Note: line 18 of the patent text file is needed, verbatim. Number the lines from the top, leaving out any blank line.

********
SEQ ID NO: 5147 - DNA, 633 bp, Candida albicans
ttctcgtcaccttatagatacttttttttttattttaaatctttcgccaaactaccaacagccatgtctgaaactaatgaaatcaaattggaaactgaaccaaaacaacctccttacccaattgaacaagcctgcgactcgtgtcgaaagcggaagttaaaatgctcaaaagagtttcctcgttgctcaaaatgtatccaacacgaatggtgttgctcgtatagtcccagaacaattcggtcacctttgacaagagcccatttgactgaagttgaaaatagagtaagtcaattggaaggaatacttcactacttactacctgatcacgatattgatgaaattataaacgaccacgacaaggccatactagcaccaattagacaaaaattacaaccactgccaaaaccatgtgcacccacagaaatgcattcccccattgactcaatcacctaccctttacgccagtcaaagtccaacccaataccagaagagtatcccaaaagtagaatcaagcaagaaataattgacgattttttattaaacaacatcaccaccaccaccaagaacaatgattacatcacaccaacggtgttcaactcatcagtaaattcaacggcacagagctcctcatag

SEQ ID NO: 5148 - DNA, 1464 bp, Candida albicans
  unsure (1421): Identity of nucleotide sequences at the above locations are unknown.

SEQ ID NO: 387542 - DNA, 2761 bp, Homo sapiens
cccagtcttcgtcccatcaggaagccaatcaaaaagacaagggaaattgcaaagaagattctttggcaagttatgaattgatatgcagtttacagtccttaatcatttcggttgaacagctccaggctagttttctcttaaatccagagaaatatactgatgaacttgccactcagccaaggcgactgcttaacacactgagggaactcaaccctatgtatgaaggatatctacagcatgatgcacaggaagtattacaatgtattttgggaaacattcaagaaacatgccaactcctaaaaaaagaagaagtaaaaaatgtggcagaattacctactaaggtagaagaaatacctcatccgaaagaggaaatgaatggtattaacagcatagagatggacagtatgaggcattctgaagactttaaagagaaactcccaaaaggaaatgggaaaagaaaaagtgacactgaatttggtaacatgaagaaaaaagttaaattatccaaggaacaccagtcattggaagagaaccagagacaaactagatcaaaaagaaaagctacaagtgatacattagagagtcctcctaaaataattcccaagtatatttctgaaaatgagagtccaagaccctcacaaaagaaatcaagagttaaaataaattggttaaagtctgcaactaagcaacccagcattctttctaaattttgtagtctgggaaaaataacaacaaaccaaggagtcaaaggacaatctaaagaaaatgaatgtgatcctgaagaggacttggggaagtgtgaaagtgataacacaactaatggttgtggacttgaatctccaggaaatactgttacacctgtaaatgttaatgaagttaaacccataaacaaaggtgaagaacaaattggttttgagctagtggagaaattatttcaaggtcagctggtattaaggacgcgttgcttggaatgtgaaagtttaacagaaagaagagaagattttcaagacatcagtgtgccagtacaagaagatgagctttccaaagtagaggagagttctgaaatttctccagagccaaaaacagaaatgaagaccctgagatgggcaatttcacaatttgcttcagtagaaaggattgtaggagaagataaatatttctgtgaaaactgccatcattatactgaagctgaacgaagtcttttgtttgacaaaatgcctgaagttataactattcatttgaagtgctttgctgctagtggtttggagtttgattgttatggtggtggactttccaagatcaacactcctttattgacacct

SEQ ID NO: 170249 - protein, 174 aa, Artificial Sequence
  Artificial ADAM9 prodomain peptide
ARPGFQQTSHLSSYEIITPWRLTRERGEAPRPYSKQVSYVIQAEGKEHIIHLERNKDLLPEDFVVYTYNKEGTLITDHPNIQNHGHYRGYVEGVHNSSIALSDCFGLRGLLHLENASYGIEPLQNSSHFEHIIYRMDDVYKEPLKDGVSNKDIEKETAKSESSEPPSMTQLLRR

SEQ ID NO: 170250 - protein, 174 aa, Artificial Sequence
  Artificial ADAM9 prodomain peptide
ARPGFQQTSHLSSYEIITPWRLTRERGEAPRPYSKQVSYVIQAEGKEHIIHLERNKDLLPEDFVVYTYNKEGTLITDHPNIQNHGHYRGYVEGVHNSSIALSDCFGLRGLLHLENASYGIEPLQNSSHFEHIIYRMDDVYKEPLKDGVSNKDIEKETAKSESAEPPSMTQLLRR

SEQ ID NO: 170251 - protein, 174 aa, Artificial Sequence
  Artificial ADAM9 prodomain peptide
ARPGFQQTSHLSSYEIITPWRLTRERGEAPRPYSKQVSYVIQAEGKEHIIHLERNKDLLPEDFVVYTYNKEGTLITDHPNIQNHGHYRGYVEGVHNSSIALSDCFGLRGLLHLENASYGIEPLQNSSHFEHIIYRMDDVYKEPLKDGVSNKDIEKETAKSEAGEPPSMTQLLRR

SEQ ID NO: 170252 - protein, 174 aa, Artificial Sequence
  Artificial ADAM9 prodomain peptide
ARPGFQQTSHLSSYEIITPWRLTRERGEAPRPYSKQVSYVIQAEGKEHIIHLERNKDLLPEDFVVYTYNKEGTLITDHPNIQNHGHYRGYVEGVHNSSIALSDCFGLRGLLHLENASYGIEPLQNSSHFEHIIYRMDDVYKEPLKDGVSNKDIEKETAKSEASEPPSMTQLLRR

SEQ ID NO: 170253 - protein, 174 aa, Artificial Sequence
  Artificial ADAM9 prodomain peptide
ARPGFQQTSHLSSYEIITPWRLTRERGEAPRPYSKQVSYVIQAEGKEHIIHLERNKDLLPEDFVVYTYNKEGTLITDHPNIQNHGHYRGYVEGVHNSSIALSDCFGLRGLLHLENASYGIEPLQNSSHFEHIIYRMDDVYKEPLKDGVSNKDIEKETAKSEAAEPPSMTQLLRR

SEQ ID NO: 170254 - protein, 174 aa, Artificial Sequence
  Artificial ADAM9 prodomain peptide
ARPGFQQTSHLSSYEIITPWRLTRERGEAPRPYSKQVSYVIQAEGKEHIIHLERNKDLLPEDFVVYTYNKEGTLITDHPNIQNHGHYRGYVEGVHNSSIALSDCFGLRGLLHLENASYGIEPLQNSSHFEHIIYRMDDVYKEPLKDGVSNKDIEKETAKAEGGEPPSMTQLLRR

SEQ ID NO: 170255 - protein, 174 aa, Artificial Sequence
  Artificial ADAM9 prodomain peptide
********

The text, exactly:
ARPGFQQTSHLSSYEIITPWRLTRERGEAPRPYSKQVSYVIQAEGKEHIIHLERNKDLLPEDFVVYTYNKEGTLITDHPNIQNHGHYRGYVEGVHNSSIALSDCFGLRGLLHLENASYGIEPLQNSSHFEHIIYRMDDVYKEPLKDGVSNKDIEKETAKSEASEPPSMTQLLRR